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  • Chris O'Rourke

The Island

Laurence Lowry, Conor Donelan, Owen O'Gorman and Pádraig Murray in The Island. Image Al Craig


Aristotle spoke of tragedy purging powerful emotions through catharsis. A word hotly debated by many modern theatre makers. Many diluting its meaning to suggest that simply attending theatre is cathartic. It isn’t. Catharsis is hard won. Requiring a gifted artist to take us through blood, sweat and tears to where fear and terror hide. Like writer Tina Noonan and her searingly powerful The Island. An unflinching interrogation of male sexual abuse in a rugby school in Dublin whose horrors were silenced by shame.

Which is not to say The Island is a perfect play, just that it's often rather brilliant. Noonan’s rapid fire pace, firing like synaptic nerve endings, overloading the whole with an excess of detail. Making sluggish its rollercoaster pace that whisks you immediately into the action. Cool dude Donnelly (Conor Donelan) and pessimistic Pete (Pádraig Murray) return to the former’s apartment after a rugby victory at their old alma mater. Soon joined by the maudlin Mark (Laurence Lowry) and the obstreperous Owen (Owen O’Gorman) for beer and pizza. Gathered around a kitchen island, celebrations give way to a memorial for their recently deceased friend Gonzo Gerry. Their trip down memory lane a playful reminder that all have struggled with relationships, all remember their glorious past lovingly, and all are lying to themselves. Noonan relying on the old device of alcohol and wacky tobacky to allow men drop their inhibitions and talk openly. Confessional dominos falling once the first one topples, revealing pains and secrets endured. Four men who’ve known each other all their lives who never really knew each other.

Asked by several survivors to help tell their story, Noonan reluctantly agreed, mindful of the huge responsibility that comes with giving voice to the stories of others. Never sensationalist, never didactic, Noonan knows she can’t cover it all. The responsibility of the State, the impossibility of punishment for abusers long dead, how to find closure are all wisely only touched upon. Instead, Noonan pulls back the veil of shame and secrecy. Revealing masculine bluster preventing men from talking. From admitting how their experiences might have ruined them sexually. Ruined them as husbands, or fathers. How suicide can seem attractive when your soul bursts with a pain that can’t be spoken, undone and or made go away. For you can’t deal with the wound until you first acknowledge it. The Island offering just that; a first, unsteady step. Culminating in a powerful image of a man singing Latin with a single candle, revealing all he couldn’t say. The play's natural ending undermined by a tagged on, well intentioned epilogue. In which a know-all, annoyingly self-righteous son Finn (Ruairi Nicholl) tries to offer easy resolution only to sound false and contrived. For The Island speaks to tragedy. Tragic heroes have a tragic flaw. In this case it is their silence that dooms them. Pretending it never happened a lie. Pretending they can handle it, that it will all be magically better also a lie. Just ask Gerry. One thing’s for sure, catharsis begins with speaking.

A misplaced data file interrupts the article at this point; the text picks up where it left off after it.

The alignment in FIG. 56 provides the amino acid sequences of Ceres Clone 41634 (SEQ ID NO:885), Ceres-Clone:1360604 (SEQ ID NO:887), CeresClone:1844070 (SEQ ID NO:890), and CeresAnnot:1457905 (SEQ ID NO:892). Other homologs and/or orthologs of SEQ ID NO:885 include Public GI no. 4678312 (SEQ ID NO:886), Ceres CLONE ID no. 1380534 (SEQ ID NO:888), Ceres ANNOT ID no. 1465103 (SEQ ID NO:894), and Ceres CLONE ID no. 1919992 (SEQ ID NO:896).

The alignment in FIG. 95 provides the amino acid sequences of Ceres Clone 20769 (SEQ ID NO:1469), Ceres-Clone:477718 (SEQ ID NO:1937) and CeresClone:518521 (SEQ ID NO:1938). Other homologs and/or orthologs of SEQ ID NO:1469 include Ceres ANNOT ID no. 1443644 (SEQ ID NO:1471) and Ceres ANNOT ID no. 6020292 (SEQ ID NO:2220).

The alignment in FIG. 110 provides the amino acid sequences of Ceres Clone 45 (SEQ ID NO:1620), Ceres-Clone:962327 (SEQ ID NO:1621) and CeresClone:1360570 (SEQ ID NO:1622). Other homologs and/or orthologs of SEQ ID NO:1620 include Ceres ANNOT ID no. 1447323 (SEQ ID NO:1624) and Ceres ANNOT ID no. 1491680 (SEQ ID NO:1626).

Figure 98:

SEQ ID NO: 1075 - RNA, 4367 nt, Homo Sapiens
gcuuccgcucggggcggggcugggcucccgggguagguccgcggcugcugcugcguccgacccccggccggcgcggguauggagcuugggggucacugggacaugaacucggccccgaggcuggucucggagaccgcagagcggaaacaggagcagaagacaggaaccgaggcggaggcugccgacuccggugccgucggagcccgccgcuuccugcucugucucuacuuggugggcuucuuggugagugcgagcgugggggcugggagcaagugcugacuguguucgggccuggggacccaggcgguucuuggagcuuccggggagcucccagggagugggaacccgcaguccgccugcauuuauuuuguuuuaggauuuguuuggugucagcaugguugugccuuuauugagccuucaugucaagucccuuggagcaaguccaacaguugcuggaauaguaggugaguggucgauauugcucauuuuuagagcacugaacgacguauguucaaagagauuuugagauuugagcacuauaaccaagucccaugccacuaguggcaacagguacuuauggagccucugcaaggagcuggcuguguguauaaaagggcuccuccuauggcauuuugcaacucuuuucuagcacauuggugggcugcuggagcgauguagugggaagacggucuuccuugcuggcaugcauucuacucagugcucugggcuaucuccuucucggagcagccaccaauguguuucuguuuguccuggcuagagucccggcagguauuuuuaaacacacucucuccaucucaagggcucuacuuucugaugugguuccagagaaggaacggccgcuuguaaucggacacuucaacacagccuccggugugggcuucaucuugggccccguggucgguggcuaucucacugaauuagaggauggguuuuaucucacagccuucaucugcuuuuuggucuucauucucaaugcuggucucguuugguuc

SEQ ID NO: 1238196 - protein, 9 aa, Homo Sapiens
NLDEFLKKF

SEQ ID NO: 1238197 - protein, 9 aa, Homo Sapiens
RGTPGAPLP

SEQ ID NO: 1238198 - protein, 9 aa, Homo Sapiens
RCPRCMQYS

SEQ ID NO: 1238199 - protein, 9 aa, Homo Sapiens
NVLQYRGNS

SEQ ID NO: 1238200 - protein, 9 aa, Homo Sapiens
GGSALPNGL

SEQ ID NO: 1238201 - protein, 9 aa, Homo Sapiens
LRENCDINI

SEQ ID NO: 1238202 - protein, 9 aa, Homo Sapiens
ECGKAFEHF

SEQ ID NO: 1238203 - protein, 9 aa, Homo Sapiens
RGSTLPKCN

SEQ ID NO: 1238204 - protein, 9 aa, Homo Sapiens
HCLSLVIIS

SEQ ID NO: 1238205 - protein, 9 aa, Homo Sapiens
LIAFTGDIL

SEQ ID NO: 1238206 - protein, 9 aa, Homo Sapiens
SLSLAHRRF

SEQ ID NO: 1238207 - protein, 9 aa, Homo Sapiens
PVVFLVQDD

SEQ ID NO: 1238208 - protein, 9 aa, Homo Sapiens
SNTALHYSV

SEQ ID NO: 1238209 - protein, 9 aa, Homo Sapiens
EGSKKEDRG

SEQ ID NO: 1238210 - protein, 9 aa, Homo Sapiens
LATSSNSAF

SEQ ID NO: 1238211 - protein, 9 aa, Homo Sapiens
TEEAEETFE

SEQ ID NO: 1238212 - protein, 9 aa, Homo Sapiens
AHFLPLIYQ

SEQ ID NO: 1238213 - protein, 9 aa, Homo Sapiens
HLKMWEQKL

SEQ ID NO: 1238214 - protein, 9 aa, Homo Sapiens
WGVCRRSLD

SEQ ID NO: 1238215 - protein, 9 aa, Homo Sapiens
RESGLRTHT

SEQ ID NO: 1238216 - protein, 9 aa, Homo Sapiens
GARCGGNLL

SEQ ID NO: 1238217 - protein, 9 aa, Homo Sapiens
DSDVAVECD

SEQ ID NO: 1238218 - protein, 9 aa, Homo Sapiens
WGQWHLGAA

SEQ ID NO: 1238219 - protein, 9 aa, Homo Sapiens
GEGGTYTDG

Refreshingly minimal in staging, The Island relies solely on its cast, its director, and its cue perfect lighting technician Michelle Barry to stop your breath. Director Seamus Moran doing a terrific job keeping this runaway rollercoaster on the rails and on track. A superb ensemble of Donelan, Lowry, Murray and O’Gorman highlighting the power-plays, the frailties, bravado and genuine courage of boys playing at being men remembering when they were boys. O’Gorman’s monologue outstandingly moving in an already outstanding ensemble. Then there’s Noonan, who’ll likely point at those whose stories she shared as the real stars. They are, but they were blessed to find her. Noonan addressing unspeakable horror with humour, compassion, humility and insight in a brave, bold, and often breathtaking production.

The Island by Tina Noonan, runs at The Mill Theatre, Dundrum till June 21 before transferring to Mermaid Arts Centre, Bray, June 25 -27.

For more information see respective venues.

1 Comment

Jun 20

This is an excellent play as it opens the door to what is the tradegy .The at the heart of the establishment of Ireland the rugby schools.The rugby schools have remained silent and covered up horrific child abuse over decades which destroyed children many dead and others occupy top positions in law business medicine and politics and remain silent.

This play has received no arts funding RTE coverage or mainstream media coverage.

The carnage left behind from the rugby schools lives on as they cheer on the rugby players who violently assault one another.

Rest in peace all the children who are dead as a result of attending the rugby schools.

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